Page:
June 28, 2013
We changed our route a bit and decided to go further north and south and a bit less east to west. When we are done with our plastics survey we will have drawn a big W in the mid-Atlantic. At this point we have surveyed 15 out of 50 locations where we will drag our Manta net throughout the big W. The first time we pulled the net a couple hundred miles from the Azores we got a net full of ocean jelly. There were some jelly fish but mostly it was like marmalade. There must have been something strange going on in that part of the ocean because we haven’t seen anything like that again, although we have collected a bunch of plastic and Styrofoam at every survey site. It’s really amazing how much small plastic junk is floating around in the ocean.
We’ve had a couple of scares in the last few days. The first one was when we got a bilge full of water in just a couple hours. I tasted the water to see if it was fresh or salt. If it was fresh that would mean that our fresh water tank had cracked or a hose slipped off, therefore losing all of our fresh water. It tasted salty. In some ways that can be worse. We ran around the boat for the next hour checking all the thru hulls and shafts hoping that we weren’t slowly sinking. To my great relief an hour and a half of searching and staring at every part of the boat’s hull I realized that the previous owner had run the shower pump to the kitchen sink. Since we were heeled over so far the sink was bubbling up with ocean water and siphoning down the hose for the shower pump into the bilge. I was able to easily plug the hose and was relieved that we didn’t have a hole in the boat. Speaking of holes in the boat that brings me to the second scare. I had this boat surveyed and ultra-sounded before I bought her. Because of a hurricane I wasn’t able to get to Florida the day it happened to watch it get done. I had to just trust the guy would do his job. Well, shortly after surveying my boat the poor guy killed himself. He didn’t do a good enough ultra sound and Nikki and I found a rusty spot on the hull the diameter of a dime that I could poke through with a butter knife. I called my friend Pat Teeling and he said it’s no big deal “if you get a hole just bang a wooden bung into it, it will weep a bit but that won’t sink you”. So I cleaned the rusty spot with rubbing alcohol and covered it with 5200. I have plenty of wooden bungs and a big hammer. I’ll just have to get the boat hauled out when I get back and weld some new steel over it.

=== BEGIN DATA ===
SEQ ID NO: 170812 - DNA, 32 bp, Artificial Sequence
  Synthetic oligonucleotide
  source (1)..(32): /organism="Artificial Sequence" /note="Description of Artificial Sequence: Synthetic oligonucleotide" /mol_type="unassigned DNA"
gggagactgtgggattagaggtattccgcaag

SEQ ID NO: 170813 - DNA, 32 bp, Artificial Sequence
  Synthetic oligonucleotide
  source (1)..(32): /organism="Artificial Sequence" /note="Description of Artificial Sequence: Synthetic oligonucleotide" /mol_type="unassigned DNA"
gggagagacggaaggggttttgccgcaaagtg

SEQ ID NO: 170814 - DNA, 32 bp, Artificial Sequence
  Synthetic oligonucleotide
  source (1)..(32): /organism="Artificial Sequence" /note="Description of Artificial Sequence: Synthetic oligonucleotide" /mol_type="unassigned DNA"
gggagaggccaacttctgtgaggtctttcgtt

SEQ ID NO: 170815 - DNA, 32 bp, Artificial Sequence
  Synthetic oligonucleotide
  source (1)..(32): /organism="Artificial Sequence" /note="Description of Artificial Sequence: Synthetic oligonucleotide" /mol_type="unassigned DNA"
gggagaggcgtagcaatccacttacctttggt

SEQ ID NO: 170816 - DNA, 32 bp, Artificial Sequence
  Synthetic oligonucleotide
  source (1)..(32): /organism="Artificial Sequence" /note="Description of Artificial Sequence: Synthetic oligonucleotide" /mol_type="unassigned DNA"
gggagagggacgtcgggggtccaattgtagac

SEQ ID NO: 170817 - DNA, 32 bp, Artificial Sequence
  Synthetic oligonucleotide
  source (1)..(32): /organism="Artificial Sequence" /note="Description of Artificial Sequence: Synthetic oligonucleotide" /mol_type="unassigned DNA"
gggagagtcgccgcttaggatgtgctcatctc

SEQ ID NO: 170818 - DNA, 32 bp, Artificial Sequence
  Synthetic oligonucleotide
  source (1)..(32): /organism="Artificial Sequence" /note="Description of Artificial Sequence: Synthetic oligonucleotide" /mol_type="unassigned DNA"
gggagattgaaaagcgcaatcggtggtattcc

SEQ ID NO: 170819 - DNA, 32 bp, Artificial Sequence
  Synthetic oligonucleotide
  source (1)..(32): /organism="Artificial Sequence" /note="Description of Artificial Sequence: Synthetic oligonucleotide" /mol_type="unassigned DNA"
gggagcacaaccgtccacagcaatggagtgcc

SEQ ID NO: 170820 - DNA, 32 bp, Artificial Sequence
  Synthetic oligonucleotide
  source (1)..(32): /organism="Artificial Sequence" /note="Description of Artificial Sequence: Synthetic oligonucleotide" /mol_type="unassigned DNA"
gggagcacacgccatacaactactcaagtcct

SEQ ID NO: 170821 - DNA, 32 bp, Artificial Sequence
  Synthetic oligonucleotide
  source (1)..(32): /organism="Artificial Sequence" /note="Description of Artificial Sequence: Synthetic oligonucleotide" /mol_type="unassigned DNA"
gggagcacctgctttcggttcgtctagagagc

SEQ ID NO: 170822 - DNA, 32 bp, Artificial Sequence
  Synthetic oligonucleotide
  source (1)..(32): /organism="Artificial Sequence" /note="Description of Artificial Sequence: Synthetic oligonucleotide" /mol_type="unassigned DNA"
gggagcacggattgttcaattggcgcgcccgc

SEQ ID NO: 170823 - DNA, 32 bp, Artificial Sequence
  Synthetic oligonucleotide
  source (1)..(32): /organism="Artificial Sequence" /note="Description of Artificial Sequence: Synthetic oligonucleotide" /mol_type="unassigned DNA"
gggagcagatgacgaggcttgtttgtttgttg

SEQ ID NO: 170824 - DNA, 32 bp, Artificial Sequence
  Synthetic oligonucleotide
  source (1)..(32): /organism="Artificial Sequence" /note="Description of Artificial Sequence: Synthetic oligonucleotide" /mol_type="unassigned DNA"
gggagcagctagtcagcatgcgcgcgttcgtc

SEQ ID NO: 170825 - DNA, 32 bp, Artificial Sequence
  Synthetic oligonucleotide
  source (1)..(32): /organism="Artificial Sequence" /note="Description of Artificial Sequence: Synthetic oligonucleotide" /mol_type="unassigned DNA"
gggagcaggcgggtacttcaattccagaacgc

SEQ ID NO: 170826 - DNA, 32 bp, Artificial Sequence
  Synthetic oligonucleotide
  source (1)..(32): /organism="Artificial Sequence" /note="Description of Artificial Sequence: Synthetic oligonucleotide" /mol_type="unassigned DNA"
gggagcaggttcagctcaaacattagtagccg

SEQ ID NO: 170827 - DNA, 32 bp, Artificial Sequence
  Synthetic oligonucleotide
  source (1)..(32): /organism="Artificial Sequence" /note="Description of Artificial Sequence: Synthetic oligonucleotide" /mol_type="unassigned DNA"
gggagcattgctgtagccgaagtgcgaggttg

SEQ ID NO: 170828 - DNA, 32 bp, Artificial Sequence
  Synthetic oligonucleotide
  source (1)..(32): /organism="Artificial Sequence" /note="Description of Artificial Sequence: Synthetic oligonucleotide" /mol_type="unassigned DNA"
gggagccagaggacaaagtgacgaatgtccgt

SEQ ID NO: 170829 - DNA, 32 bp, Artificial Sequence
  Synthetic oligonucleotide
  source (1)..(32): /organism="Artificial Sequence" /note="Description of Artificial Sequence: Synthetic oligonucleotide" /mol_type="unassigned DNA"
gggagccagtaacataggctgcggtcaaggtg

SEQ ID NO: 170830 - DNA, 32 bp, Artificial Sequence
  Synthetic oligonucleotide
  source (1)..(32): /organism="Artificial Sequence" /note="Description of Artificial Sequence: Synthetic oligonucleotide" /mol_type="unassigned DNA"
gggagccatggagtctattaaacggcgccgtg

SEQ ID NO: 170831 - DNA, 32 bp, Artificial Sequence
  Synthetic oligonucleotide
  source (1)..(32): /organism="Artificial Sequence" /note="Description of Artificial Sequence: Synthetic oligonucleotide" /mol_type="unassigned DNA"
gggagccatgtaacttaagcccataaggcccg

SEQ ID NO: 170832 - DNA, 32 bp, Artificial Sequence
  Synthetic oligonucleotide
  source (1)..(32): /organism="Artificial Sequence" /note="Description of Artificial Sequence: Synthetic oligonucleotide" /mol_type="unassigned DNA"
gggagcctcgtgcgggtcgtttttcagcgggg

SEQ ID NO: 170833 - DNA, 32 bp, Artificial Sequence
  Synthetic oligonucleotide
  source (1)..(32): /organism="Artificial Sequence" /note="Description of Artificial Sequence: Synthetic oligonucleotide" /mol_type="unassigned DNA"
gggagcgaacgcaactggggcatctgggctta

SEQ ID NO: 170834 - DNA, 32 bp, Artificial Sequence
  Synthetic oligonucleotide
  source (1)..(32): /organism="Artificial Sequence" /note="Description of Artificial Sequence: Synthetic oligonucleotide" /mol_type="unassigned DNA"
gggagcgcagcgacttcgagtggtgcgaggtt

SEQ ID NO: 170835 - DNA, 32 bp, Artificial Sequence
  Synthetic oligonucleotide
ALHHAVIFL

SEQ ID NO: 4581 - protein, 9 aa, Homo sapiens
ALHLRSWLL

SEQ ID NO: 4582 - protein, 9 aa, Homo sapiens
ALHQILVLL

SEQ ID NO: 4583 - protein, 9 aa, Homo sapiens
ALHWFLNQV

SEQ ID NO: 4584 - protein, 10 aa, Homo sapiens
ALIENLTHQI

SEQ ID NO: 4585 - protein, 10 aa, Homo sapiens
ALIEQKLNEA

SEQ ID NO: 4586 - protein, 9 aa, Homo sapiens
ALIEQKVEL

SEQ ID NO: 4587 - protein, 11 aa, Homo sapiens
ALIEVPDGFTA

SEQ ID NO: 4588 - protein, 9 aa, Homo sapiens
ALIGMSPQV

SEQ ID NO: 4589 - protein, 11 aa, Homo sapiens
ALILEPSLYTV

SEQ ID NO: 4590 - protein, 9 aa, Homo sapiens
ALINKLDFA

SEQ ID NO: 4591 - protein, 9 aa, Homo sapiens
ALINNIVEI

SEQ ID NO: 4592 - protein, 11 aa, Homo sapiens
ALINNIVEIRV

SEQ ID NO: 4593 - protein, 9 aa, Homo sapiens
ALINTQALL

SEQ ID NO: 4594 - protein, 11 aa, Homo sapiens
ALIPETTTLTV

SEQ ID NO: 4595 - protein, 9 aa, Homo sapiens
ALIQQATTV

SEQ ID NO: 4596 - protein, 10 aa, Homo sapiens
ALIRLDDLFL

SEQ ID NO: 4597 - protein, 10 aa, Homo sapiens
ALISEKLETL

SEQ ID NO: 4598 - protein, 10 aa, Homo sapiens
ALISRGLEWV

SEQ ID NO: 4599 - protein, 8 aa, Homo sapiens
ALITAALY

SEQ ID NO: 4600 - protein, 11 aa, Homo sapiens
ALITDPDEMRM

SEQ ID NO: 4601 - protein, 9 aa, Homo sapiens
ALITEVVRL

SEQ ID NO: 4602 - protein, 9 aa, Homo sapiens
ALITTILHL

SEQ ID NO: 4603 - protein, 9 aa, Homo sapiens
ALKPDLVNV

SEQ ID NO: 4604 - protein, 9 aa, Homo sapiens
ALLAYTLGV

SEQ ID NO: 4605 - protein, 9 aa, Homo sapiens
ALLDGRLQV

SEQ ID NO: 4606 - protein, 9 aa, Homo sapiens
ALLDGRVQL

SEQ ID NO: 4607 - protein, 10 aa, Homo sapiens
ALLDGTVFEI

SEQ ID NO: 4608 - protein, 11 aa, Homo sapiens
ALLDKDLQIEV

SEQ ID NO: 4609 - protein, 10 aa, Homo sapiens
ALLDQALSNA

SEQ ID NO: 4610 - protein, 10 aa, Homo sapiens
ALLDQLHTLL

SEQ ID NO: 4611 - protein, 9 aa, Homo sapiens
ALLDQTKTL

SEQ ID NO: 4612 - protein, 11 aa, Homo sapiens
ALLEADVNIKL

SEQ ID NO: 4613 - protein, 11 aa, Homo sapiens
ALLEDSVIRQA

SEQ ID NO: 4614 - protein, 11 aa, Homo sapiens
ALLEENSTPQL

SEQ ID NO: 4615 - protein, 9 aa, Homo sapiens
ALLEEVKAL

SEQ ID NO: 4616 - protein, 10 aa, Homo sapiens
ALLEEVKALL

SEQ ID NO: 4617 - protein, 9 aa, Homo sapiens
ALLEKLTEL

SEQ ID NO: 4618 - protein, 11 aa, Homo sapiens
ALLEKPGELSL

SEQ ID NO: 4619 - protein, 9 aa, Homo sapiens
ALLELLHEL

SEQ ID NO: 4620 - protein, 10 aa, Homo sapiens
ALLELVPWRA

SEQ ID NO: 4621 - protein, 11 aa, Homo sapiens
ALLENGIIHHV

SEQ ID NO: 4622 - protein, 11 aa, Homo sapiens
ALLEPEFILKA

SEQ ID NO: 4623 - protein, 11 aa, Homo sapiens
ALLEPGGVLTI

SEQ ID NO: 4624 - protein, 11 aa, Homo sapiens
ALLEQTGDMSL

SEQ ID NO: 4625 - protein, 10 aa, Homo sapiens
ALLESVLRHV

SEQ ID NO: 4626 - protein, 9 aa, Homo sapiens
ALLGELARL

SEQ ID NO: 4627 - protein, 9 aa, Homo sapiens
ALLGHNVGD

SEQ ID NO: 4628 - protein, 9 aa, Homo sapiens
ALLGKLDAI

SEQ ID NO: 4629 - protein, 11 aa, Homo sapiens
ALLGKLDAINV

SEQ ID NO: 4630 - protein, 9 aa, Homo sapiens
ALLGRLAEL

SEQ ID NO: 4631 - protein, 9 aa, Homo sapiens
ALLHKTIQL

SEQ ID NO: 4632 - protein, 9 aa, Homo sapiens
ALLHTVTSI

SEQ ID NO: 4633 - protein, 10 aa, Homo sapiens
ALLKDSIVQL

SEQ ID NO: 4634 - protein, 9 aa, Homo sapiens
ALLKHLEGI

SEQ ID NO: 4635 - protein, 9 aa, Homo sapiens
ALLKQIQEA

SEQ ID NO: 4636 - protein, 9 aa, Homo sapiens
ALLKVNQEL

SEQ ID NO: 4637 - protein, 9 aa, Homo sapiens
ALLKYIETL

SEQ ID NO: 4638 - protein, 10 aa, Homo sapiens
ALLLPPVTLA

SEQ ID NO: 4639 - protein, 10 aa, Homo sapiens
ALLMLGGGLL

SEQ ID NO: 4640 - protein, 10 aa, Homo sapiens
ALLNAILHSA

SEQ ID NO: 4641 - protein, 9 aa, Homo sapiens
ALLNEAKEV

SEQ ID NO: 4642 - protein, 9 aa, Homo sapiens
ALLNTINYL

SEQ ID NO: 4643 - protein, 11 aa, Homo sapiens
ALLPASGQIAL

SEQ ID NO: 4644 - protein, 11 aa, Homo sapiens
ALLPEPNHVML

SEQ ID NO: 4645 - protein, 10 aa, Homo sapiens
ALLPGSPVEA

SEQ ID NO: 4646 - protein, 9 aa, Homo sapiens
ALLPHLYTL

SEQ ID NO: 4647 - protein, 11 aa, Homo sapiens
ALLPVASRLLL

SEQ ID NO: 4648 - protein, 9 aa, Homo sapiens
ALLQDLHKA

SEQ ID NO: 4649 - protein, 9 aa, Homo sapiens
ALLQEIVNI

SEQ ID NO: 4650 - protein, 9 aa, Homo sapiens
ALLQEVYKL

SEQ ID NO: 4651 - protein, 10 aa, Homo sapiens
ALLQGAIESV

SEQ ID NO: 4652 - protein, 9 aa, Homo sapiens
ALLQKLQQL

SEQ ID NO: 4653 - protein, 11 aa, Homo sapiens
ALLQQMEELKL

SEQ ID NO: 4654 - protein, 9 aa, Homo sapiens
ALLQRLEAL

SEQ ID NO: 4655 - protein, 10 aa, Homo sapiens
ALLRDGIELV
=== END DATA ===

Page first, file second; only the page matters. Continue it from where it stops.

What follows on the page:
Yesterday was Don Backe’s memorial service. It kills me to have missed it. Don Backe was the executive director and founder of CRAB. CRAB is the non-profit I was raising money for when I sailed around the Americas non-stop singlehanded. Don believed in me from the very beginning back when everyone either thought it was impossible or completely crazy. His faith in me never wavered even though I only had a 27-foot boat and very little money. His faith in me helped me remain strong when things were really difficult during that trip. When people believe in you and you believe in yourself you can do the most incredible things. I saved some good 16 year old scotch my friend Tom Harkin had given me to give Don a toast. Don must have been watching over because right before our little memorial at sea we caught a Mahi Mahi. So we had good scotch and great dinner to match. I think the most important thing I learned from Don Backe was to always remain optimistic. Even though Don was stuck in a wheelchair and ailing from disease and infections he was always optimistic. He had a big smile and no matter how much crap life threw at him he never let it get him down. To Don Backe, my friend.
Learn more about the voyage at the Ocean Research Project website.